Dogs trained to detect COVID-19 based on scent alone could improve disease detection in various care settings.
Dogs who can sniff out disease could be a valuable addition to certain clinical settings, according to research led by Vancouver Coastal Health Research Institute researchers Dr. Marthe Charles and Dr. Elizabeth Bryce.
For their pilot study, published in the Journal of the Association of Medical Microbiology and Infectious Disease Canada, the research team recruited specialist dogs and their trainers for an experiment to see whether the dogs could detect COVID-19 by its smell.
“Our study builds on a growing body of research into applications for canine disease detection, such as for cancers and infectious diseases like COVID-19,” states Charles.
“Dogs are mobile and able to detect disease indirectly in a noninvasive way, such as using clothing, masks and body fluids. In addition, they can rapidly screen a large number of individuals in a congregated setting, including cruise ships, long-term care facilities and work camps.”
Dogs’ exceptional noses can discern disease
The English Springer Spaniel and Labrador Retriever canine disease detectives who participated in Charles’ research were trained for just over four months to correctly identify objects emitting the scent of a patient who tested positive for COVID-19.
COVID-19 is a respiratory illness that can be contracted by inhaling droplets from an infected individual, such as those produced during a cough or sneeze. However, the virus doesn't survive well on fabrics like cotton and face masks, making the transmission of disease less likely.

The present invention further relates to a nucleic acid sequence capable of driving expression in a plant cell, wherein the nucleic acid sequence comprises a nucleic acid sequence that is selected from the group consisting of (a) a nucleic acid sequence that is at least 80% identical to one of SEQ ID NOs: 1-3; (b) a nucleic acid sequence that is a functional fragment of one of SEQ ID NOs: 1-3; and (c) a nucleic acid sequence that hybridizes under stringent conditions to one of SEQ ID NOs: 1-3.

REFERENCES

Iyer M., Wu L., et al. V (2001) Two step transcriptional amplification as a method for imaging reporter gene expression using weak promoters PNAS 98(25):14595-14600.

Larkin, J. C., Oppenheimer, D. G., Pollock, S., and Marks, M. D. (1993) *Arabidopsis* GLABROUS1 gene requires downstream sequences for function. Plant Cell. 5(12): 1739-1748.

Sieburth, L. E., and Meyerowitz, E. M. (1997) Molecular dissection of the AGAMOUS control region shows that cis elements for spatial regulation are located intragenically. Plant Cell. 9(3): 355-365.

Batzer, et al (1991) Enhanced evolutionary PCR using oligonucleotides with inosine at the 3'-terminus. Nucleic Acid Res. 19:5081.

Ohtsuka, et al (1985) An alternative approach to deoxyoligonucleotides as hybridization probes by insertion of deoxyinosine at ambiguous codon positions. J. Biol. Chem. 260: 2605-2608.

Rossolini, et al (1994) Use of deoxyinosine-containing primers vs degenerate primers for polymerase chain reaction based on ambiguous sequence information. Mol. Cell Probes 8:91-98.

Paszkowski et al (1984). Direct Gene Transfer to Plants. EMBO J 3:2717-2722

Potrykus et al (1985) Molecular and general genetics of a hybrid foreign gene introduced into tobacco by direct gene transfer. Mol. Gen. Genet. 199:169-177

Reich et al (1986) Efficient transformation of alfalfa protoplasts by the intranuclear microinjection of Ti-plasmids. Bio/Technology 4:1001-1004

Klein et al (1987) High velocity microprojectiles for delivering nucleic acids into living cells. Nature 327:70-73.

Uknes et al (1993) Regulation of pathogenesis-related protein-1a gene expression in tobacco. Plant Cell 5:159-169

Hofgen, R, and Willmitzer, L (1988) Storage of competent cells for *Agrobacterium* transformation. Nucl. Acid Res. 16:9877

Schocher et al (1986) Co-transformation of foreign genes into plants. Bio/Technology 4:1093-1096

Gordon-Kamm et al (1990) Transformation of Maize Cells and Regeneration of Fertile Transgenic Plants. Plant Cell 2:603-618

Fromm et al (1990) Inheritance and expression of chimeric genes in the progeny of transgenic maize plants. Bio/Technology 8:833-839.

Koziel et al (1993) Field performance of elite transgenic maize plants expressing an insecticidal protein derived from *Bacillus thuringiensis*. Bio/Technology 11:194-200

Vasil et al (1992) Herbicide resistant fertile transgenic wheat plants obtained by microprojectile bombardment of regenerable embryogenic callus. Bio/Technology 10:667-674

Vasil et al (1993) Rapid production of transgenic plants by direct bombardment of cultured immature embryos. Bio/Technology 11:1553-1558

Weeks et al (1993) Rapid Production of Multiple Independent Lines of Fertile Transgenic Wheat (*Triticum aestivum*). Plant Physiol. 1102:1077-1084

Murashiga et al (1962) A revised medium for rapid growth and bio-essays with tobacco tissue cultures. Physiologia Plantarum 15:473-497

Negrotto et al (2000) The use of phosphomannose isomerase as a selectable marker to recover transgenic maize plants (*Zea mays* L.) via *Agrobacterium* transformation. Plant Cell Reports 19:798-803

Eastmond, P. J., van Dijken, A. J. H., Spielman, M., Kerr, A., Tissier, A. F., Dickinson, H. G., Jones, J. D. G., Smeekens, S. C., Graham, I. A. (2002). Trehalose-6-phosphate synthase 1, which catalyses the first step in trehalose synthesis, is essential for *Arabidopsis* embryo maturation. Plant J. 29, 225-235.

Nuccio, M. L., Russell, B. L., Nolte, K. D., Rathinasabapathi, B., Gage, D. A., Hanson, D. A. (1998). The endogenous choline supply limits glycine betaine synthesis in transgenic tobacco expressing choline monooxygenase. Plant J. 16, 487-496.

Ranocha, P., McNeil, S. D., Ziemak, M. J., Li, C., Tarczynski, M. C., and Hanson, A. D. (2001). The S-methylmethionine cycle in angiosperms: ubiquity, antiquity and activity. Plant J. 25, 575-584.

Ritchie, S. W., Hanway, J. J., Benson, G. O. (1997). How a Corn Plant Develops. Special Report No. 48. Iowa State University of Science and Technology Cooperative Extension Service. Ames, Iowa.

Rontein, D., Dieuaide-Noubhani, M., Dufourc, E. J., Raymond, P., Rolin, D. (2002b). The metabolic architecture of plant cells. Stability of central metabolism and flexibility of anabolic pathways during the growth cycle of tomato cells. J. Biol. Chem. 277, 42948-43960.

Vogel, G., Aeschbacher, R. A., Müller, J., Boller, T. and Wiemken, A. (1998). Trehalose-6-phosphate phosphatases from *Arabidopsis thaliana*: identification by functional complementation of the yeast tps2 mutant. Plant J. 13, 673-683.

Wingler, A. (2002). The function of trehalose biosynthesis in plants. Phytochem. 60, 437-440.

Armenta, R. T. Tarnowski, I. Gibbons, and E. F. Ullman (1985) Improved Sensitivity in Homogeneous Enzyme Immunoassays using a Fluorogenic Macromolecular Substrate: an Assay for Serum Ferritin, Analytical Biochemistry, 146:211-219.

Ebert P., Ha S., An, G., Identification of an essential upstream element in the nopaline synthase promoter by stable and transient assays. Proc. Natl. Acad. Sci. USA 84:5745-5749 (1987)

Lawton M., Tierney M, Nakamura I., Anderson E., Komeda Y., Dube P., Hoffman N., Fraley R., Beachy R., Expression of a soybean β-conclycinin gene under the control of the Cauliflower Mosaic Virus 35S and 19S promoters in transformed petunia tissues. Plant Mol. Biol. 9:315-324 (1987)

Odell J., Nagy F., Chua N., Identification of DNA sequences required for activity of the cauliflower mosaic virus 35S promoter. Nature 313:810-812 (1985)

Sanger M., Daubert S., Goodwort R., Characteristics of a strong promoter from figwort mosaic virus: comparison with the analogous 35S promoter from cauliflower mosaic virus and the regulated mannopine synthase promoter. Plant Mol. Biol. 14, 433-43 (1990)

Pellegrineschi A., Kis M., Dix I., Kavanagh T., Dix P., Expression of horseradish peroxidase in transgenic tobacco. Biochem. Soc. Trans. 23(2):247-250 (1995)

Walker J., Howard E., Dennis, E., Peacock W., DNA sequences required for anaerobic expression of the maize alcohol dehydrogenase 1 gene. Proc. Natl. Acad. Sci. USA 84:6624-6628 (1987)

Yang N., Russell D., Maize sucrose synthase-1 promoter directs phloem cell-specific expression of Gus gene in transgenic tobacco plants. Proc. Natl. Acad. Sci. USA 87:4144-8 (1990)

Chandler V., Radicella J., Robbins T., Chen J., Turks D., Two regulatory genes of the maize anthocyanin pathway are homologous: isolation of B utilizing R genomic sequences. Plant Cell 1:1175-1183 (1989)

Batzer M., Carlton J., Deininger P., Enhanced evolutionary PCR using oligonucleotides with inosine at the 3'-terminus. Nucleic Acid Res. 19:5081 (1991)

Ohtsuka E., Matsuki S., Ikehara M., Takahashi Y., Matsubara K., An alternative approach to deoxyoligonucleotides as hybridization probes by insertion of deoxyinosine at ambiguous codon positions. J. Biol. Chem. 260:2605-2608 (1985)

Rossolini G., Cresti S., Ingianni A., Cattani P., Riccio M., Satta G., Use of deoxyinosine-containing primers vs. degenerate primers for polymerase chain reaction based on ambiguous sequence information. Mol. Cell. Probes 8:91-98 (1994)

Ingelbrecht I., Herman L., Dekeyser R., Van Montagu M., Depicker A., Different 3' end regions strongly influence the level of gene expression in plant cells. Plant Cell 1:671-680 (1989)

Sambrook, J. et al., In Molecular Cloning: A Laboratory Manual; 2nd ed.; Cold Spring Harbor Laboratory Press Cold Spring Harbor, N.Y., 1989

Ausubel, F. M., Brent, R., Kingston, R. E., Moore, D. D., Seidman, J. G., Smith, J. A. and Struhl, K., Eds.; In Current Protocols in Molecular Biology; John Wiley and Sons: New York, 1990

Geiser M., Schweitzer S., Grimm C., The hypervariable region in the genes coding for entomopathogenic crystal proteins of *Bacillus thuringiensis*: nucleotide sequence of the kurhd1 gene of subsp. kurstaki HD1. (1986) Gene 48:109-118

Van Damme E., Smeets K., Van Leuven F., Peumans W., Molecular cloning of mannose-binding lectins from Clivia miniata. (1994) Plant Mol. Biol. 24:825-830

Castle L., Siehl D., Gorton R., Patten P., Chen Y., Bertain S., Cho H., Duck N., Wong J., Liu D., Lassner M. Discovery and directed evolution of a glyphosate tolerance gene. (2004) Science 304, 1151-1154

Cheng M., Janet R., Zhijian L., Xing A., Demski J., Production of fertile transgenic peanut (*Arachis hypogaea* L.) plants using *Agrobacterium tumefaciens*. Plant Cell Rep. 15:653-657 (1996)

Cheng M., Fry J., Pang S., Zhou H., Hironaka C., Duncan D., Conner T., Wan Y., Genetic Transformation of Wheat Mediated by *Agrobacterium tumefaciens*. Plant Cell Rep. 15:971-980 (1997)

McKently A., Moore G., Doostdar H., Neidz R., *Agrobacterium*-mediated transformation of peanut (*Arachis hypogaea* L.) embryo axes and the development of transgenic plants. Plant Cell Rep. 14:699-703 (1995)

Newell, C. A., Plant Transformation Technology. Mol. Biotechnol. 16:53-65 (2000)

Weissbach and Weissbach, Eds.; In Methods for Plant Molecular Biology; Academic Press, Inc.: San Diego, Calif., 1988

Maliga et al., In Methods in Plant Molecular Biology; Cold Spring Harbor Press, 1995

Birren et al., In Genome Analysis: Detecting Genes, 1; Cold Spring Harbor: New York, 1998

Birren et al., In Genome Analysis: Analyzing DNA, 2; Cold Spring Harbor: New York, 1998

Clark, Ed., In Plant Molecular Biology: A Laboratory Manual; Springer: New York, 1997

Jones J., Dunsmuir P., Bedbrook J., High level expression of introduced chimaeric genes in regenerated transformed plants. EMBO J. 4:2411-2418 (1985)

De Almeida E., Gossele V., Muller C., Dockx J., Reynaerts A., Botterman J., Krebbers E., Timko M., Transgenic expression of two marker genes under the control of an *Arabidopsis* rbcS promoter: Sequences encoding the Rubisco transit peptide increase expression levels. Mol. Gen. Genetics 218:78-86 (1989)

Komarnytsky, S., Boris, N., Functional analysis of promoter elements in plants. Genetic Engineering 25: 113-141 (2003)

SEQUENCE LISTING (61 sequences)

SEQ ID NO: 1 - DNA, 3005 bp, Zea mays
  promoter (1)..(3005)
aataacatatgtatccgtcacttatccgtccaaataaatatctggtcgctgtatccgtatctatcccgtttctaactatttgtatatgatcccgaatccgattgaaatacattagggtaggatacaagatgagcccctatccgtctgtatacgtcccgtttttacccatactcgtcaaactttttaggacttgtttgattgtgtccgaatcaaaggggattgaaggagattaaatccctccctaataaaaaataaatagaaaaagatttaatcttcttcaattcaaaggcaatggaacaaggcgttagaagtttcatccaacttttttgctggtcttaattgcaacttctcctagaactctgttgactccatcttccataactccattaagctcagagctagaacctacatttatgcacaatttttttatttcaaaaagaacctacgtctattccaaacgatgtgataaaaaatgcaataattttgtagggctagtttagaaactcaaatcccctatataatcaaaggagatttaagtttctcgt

During the testing phase of Charles’ double-blinded controlled trial, the dogs independently walked up a row of 10 custom scent stands where they could smell, but not touch, specimens from COVID-19 patients. Some specimens were pieces of face masks worn by these patients, while others were absorbent tubes placed under their armpits or tubes exposed to COVID-19-positive saline gargle samples.
If a dog believed that it detected a positive odour at a stand, it would freeze. Neither dog missed a positive scent, but both inaccurately stopped at a handful of negative scent stands.
“The dogs did not miss a positive sample, and all samples that they left as negative were negative.”
While Charles believes additional testing would likely complement biomedical detection dogs, the speed with which the team was able to train and deploy the dogs, and the high degree of accuracy of their detection, may be of use in certain cases. For example, pathogen-finding pooches could be invaluable when other screening methods have yet to be approved or discovered.
"This study has shown us that we have the ability to quickly pull together a team of experts to detect emerging pathogens, such as COVID-19.”
In the future, Charles sees the potential for the deployment of detection dogs to screen for other respiratory viruses, such as the highly contagious gastrointestinal virus — norovirus — as well.